Scottsdale/Phoenix, Ariz., Rochester, Minn.
As CTS is the most commonly diagnosed compression neuropathy of the upper extremity, assessment of severity and treatment response is important crucial to determine the clinical outcomes. Currently, physical examination and overall functional status as well as pre-op electrodiagnostic (EDX) testing are important in determining patient outcome scores and assessing the treatment response. The physical properties of MN and surrounding tissue may be good biomarkers for this evaluation.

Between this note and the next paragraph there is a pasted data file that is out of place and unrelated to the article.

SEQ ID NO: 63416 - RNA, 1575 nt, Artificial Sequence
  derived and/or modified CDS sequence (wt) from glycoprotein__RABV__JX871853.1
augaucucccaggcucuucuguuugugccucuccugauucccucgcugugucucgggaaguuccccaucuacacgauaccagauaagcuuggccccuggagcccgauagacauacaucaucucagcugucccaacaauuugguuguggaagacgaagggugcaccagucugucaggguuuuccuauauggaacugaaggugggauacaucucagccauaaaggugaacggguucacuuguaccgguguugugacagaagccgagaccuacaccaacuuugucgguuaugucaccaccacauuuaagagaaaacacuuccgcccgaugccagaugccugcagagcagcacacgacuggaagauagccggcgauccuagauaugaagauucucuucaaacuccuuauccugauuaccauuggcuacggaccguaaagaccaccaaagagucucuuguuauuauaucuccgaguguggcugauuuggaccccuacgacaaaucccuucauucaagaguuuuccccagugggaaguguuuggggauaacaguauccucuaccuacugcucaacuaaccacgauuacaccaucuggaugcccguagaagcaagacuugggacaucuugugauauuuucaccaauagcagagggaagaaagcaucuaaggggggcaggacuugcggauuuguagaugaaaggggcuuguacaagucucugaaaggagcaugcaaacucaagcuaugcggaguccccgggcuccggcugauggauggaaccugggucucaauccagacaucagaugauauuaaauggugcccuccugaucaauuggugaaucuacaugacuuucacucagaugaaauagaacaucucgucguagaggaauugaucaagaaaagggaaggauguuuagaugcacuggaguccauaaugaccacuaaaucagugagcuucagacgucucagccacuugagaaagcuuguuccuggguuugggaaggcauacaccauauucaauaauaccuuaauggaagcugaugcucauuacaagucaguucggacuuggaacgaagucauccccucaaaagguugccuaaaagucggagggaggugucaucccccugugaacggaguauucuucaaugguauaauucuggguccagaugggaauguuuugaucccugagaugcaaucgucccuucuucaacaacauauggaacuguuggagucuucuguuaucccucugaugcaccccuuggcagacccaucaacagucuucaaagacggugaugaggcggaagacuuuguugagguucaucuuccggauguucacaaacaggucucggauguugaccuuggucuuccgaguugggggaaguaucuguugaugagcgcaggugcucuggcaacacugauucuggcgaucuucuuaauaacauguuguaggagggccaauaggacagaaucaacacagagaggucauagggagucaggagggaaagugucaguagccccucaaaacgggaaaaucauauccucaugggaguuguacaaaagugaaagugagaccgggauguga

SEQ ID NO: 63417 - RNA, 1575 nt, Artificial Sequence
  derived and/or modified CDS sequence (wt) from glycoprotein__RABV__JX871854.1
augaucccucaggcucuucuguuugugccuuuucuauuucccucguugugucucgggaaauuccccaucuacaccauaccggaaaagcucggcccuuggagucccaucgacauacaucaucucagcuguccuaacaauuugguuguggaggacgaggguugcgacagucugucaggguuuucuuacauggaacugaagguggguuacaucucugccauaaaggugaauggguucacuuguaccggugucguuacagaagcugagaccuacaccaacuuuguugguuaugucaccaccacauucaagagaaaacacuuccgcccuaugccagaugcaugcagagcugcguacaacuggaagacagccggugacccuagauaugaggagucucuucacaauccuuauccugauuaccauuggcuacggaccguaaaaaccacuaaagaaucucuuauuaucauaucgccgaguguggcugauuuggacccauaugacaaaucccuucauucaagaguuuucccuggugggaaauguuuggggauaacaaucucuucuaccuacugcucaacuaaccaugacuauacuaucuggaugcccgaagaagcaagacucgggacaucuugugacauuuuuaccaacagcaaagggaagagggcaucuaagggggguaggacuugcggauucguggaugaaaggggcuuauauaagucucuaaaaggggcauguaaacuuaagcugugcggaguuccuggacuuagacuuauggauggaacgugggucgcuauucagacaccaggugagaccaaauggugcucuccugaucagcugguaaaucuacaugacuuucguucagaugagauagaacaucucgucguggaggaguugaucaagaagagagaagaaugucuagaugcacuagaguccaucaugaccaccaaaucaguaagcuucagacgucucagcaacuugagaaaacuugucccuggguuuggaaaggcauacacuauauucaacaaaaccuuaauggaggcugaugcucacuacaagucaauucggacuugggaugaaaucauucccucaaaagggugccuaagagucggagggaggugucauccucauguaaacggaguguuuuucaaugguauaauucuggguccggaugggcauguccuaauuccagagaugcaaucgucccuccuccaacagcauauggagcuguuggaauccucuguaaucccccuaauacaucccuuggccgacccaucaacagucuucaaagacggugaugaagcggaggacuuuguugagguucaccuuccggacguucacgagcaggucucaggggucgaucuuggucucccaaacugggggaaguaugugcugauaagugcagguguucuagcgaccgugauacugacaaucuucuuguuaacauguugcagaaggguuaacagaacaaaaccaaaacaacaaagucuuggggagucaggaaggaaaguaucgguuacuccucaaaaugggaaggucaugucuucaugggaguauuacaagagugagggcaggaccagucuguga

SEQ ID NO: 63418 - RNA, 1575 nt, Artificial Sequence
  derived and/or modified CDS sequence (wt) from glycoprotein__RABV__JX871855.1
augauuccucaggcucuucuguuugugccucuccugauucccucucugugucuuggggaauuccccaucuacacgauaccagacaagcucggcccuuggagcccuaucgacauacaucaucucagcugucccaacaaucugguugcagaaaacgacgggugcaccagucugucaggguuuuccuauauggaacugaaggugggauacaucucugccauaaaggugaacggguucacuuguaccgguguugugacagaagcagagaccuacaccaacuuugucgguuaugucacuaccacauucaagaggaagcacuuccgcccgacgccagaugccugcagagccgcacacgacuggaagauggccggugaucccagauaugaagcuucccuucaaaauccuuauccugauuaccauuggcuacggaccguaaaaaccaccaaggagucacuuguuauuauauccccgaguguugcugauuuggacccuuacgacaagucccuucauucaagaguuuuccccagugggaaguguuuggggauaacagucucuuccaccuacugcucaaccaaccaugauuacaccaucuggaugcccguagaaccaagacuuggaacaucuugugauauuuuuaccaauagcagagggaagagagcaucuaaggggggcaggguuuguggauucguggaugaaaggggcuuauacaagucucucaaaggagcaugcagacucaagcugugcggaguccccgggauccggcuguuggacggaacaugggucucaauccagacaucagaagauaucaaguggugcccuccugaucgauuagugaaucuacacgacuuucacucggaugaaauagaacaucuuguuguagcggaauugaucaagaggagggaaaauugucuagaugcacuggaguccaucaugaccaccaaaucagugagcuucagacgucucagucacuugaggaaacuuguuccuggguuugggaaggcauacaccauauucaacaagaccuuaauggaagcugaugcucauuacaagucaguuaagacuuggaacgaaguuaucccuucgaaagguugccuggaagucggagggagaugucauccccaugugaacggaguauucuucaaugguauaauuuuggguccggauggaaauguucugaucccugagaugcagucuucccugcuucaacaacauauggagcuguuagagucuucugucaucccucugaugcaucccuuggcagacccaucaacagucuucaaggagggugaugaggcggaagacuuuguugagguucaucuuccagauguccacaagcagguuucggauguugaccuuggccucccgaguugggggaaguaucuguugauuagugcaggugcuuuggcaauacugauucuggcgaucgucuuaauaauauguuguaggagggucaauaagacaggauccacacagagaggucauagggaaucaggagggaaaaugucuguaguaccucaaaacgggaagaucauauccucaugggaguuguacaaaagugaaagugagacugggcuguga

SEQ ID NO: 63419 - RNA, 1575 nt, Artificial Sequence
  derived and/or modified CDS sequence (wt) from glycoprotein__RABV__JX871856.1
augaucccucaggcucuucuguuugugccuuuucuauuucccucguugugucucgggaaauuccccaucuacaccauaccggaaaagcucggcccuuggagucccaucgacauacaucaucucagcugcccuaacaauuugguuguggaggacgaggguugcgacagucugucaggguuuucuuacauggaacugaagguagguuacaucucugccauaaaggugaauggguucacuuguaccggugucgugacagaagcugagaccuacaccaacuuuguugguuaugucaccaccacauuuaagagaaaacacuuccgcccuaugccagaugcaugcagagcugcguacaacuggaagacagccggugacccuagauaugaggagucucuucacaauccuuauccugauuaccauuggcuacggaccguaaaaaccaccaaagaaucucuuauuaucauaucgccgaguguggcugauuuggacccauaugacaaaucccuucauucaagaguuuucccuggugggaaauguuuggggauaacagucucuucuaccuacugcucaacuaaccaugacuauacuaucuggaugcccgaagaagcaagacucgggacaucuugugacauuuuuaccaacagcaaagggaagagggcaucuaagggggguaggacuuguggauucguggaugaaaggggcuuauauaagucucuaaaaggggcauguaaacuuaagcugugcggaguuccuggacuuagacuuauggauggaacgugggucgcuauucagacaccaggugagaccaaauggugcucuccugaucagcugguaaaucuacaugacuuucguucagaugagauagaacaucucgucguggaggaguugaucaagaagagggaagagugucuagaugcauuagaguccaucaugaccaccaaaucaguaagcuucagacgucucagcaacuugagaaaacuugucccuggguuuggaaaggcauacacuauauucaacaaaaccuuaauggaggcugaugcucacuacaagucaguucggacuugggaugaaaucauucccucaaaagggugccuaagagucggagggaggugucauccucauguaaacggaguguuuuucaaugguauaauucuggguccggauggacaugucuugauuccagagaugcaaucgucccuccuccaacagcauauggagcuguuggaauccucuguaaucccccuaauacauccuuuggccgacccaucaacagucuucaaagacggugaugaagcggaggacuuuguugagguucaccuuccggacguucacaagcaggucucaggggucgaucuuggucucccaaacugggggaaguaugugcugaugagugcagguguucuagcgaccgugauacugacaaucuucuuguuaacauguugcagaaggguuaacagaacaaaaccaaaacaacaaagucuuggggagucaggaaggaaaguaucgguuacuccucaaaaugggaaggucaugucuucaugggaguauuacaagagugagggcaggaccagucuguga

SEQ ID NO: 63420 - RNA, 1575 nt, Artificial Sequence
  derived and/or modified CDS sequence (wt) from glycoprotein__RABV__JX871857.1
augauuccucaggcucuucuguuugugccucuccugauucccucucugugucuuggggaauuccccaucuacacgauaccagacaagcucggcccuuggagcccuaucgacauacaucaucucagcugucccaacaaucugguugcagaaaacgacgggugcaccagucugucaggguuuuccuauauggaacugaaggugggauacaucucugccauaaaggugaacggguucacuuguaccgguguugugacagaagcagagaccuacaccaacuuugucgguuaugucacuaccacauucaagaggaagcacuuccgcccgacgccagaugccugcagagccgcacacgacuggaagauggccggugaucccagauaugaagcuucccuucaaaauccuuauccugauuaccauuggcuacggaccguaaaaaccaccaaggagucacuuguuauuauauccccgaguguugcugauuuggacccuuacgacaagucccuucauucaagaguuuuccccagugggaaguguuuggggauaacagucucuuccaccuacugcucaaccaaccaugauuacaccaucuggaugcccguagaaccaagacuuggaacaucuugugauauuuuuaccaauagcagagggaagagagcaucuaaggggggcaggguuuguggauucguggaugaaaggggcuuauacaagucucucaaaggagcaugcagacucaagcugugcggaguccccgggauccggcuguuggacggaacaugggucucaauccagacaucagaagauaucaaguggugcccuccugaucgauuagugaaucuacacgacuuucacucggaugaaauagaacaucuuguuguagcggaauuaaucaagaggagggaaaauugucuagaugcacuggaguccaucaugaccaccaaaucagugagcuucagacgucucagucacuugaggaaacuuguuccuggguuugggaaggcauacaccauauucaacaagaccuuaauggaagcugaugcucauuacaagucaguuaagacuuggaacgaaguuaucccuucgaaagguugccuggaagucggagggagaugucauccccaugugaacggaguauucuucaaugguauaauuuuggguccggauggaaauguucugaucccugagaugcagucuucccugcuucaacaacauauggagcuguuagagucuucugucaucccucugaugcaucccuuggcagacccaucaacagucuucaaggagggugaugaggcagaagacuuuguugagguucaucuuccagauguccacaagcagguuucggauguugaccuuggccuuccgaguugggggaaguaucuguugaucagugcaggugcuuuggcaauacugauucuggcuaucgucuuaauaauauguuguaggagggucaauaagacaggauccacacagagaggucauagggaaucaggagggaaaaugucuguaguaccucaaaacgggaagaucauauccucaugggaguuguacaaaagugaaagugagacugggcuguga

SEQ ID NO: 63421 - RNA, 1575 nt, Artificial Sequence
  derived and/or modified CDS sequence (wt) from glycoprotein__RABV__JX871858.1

SWE is a qualitative and quantitative method for measuring tissue stiffness. There are limited studies on using SWE for diagnosis of CTS , but other aspects of CTS, including the assessment of severity and treatment response have not been studied. Our central hypothesis is that SWE provides quantitative information about the physical properties of the MN and surrounding tissue that help to identify carpal tunnel syndrome, its severity and response to treatment. If SWE successfully demonstrates efficacy in diagnosing, patient outcome score, and treatment response assessment, it would have a significant clinical impact on patients with CTS, as well as offering an additional confirmatory diagnostic test for true recurrent carpal tunnel syndrome.